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A Guide To Buying And Cooking Cabbage

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Cabbage is at its best during fall and spring’s cool weather.

Excellent for long storage, versatile, tasty, and healthy, cabbage is a vegetable that ought to be a regular part of every diet.

Try it today!

 

Red Cabbage vs. Green Cabbage

Red cabbage is probably the most flavorful type of cabbage – and the most healthy. Cabbage in general, but especially red cabbage, offers anti-inflammatory and anti-oxidant help to the body.

Red cabbage also contains between 6 and 8 more vitamin C than green cabbage. Green cabbage, however, is still a great source of vitamins K and C.

Red vs. Green Cabbage

 

How to Buy Cabbage

Cabbage should be firm and dense. Although some damage to the outer leaves is acceptable because the inner leaves are often still good, severe damage to outer leaves suggests the inner leaves may also be damaged. Buy the freshest cabbage possible.

Like all produce, it begins loosing vitamins and minerals soon after it’s harvested.

How to Buy Cabbage

 

How to Store Cabbage

Cabbage can be stored in a root cellar, or keep it in the refrigerator crisper drawer. In the refrigerator, cabbage keeps for 2 to 3 weeks.

Cabbage can also be frozen. First, chop it into strips or small pieces, then blanch for 1 minute. Immediately refresh in a sink of ice water. Package in freezer containers. Alternatively, you can blanch cabbage wedges for 3 minutes, refresh and freeze.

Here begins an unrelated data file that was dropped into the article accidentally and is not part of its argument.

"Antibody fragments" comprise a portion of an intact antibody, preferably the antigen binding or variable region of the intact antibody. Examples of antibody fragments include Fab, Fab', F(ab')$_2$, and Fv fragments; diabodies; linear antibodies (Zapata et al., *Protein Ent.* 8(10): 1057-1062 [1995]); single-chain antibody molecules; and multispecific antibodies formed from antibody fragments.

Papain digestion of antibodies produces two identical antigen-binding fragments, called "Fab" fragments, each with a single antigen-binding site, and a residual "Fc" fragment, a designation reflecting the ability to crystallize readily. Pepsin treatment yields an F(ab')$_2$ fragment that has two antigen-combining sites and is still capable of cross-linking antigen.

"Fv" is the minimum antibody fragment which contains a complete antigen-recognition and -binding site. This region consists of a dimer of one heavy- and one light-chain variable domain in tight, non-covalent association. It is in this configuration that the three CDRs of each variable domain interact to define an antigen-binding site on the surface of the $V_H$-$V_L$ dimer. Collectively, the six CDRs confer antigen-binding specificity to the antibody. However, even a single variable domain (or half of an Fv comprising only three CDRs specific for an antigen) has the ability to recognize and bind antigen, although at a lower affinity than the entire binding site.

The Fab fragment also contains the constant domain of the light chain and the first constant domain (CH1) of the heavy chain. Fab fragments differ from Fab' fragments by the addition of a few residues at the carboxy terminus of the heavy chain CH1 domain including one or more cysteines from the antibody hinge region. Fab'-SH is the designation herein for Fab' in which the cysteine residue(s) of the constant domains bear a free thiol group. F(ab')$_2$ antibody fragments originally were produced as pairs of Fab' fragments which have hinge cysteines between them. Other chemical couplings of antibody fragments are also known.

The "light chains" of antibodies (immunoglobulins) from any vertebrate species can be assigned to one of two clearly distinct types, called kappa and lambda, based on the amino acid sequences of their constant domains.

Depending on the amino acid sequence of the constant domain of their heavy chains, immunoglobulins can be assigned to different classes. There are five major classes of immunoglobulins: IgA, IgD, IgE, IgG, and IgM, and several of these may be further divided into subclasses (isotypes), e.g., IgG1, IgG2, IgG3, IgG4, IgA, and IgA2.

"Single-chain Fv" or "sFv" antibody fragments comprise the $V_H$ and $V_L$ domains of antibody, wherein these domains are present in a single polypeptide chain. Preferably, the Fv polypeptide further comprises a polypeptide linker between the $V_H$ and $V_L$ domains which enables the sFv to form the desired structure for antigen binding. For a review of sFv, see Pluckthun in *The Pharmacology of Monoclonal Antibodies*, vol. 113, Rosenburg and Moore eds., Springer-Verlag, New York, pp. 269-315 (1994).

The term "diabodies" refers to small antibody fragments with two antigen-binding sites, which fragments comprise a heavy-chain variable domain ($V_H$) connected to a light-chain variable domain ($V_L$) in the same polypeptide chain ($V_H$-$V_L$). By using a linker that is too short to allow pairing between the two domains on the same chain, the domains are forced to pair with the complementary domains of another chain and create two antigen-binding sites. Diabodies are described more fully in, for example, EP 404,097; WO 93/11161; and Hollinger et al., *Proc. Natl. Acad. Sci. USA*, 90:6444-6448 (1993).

How to Store Cabbage

 

How to Prepare Cabbage

Remove the thick, outer leaves. They are fibrous and tend to be tough.

Wash the cabbage leaves under cool running water. Inner leaves are usually protected from dirt and pests, but fertilizers (organic or inorganic) may still be present, so it’s wise to wash even the inner leaves.

Always use a stainless steel knife when cutting cabbage, since the vegetable may react to carbon steel, making the leaves turn black.

How to Prepare Cabbage

 

How to Cook Cabbage

To retain most of a cabbage’s nutrients, it should be cooked lightly. Try slicing the cabbage into ¼ pieces. Heat 5 or 6 tablespoons of broth, stock, water, or wine in a stainless steel pan.

When the liquid starts bubbling, add the cabbage. Cover for 5 minutes. Remove from the heat and allow to sit, covered, for about 2 minutes before serving.

How to Cook Cabbage

Cabbage leaves are also excellent raw, served in salads or sandwiches.

Cabbage leaves make a great wrap for meat, rice, and vegetable combos.

Try adding chopped or shredded pieces of cabbage to stews and soups.

Roast cabbage wedges for an exceptional side dish.

Add cabbage to poultry stuffing.

 

Check out the video version of this article on YouTube

 

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